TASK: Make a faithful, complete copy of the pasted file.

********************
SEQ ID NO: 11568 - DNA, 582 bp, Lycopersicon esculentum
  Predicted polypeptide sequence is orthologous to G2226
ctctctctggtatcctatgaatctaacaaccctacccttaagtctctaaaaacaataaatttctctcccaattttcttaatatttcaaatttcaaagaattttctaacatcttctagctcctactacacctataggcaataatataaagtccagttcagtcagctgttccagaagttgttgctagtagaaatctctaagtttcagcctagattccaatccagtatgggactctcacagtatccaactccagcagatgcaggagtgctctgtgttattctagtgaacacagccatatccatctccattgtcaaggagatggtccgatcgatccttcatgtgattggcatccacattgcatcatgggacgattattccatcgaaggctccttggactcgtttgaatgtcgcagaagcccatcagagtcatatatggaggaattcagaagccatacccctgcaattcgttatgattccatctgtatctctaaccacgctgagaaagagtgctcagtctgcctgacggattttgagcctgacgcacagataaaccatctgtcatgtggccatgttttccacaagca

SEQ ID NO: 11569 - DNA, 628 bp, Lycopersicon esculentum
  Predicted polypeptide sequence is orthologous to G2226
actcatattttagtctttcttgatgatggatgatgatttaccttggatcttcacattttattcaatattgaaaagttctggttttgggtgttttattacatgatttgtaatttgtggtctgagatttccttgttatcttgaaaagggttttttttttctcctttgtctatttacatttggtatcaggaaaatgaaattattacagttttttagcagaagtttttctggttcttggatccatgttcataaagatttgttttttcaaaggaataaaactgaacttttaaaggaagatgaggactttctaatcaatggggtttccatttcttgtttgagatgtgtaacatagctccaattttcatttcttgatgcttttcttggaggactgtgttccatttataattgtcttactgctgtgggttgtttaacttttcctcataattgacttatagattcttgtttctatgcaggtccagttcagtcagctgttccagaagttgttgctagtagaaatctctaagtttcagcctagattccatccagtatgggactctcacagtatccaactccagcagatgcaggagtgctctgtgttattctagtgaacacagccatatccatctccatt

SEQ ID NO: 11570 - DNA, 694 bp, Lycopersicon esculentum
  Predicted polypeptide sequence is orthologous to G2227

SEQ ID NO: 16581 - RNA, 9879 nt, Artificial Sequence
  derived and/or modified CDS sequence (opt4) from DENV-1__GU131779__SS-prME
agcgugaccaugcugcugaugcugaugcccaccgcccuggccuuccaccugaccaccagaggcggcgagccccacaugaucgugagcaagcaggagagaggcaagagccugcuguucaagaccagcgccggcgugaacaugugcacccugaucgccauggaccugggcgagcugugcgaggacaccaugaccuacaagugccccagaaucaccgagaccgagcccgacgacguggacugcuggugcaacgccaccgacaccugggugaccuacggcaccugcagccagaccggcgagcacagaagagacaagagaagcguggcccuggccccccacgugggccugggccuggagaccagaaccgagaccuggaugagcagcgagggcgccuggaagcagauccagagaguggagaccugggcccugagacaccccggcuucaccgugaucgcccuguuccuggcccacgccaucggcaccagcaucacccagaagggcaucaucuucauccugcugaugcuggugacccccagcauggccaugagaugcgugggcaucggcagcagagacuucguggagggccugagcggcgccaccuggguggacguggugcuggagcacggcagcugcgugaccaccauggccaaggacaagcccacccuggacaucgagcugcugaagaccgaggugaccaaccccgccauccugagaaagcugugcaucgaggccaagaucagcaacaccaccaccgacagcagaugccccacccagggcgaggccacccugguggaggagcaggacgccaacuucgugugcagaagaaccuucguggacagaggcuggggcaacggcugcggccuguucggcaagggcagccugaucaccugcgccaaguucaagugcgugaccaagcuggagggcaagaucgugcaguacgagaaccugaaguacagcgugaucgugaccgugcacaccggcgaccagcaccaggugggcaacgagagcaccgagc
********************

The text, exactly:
SEQ ID NO: 11568 - DNA, 582 bp, Lycopersicon esculentum
  Predicted polypeptide sequence is orthologous to G2226
ctctctctggtatcctatgaatctaacaaccctacccttaagtctctaaaaacaataaatttctctcccaattttcttaatatttcaaatttcaaagaattttctaacatcttctagctcctactacacctataggcaataatataaagtccagttcagtcagctgttccagaagttgttgctagtagaaatctctaagtttcagcctagattccaatccagtatgggactctcacagtatccaactccagcagatgcaggagtgctctgtgttattctagtgaacacagccatatccatctccattgtcaaggagatggtccgatcgatccttcatgtgattggcatccacattgcatcatgggacgattattccatcgaaggctccttggactcgtttgaatgtcgcagaagcccatcagagtcatatatggaggaattcagaagccatacccctgcaattcgttatgattccatctgtatctctaaccacgctgagaaagagtgctcagtctgcctgacggattttgagcctgacgcacagataaaccatctgtcatgtggccatgttttccacaagca

SEQ ID NO: 11569 - DNA, 628 bp, Lycopersicon esculentum
  Predicted polypeptide sequence is orthologous to G2226
actcatattttagtctttcttgatgatggatgatgatttaccttggatcttcacattttattcaatattgaaaagttctggttttgggtgttttattacatgatttgtaatttgtggtctgagatttccttgttatcttgaaaagggttttttttttctcctttgtctatttacatttggtatcaggaaaatgaaattattacagttttttagcagaagtttttctggttcttggatccatgttcataaagatttgttttttcaaaggaataaaactgaacttttaaaggaagatgaggactttctaatcaatggggtttccatttcttgtttgagatgtgtaacatagctccaattttcatttcttgatgcttttcttggaggactgtgttccatttataattgtcttactgctgtgggttgtttaacttttcctcataattgacttatagattcttgtttctatgcaggtccagttcagtcagctgttccagaagttgttgctagtagaaatctctaagtttcagcctagattccatccagtatgggactctcacagtatccaactccagcagatgcaggagtgctctgtgttattctagtgaacacagccatatccatctccatt

SEQ ID NO: 11570 - DNA, 694 bp, Lycopersicon esculentum
  Predicted polypeptide sequence is orthologous to G2227

SEQ ID NO: 16581 - RNA, 9879 nt, Artificial Sequence
  derived and/or modified CDS sequence (opt4) from DENV-1__GU131779__SS-prME
agcgugaccaugcugcugaugcugaugcccaccgcccuggccuuccaccugaccaccagaggcggcgagccccacaugaucgugagcaagcaggagagaggcaagagccugcuguucaagaccagcgccggcgugaacaugugcacccugaucgccauggaccugggcgagcugugcgaggacaccaugaccuacaagugccccagaaucaccgagaccgagcccgacgacguggacugcuggugcaacgccaccgacaccugggugaccuacggcaccugcagccagaccggcgagcacagaagagacaagagaagcguggcccuggccccccacgugggccugggccuggagaccagaaccgagaccuggaugagcagcgagggcgccuggaagcagauccagagaguggagaccugggcccugagacaccccggcuucaccgugaucgcccuguuccuggcccacgccaucggcaccagcaucacccagaagggcaucaucuucauccugcugaugcuggugacccccagcauggccaugagaugcgugggcaucggcagcagagacuucguggagggccugagcggcgccaccuggguggacguggugcuggagcacggcagcugcgugaccaccauggccaaggacaagcccacccuggacaucgagcugcugaagaccgaggugaccaaccccgccauccugagaaagcugugcaucgaggccaagaucagcaacaccaccaccgacagcagaugccccacccagggcgaggccacccugguggaggagcaggacgccaacuucgugugcagaagaaccuucguggacagaggcuggggcaacggcugcggccuguucggcaagggcagccugaucaccugcgccaaguucaagugcgugaccaagcuggagggcaagaucgugcaguacgagaaccugaaguacagcgugaucgugaccgugcacaccggcgaccagcaccaggugggcaacgagagcaccgagc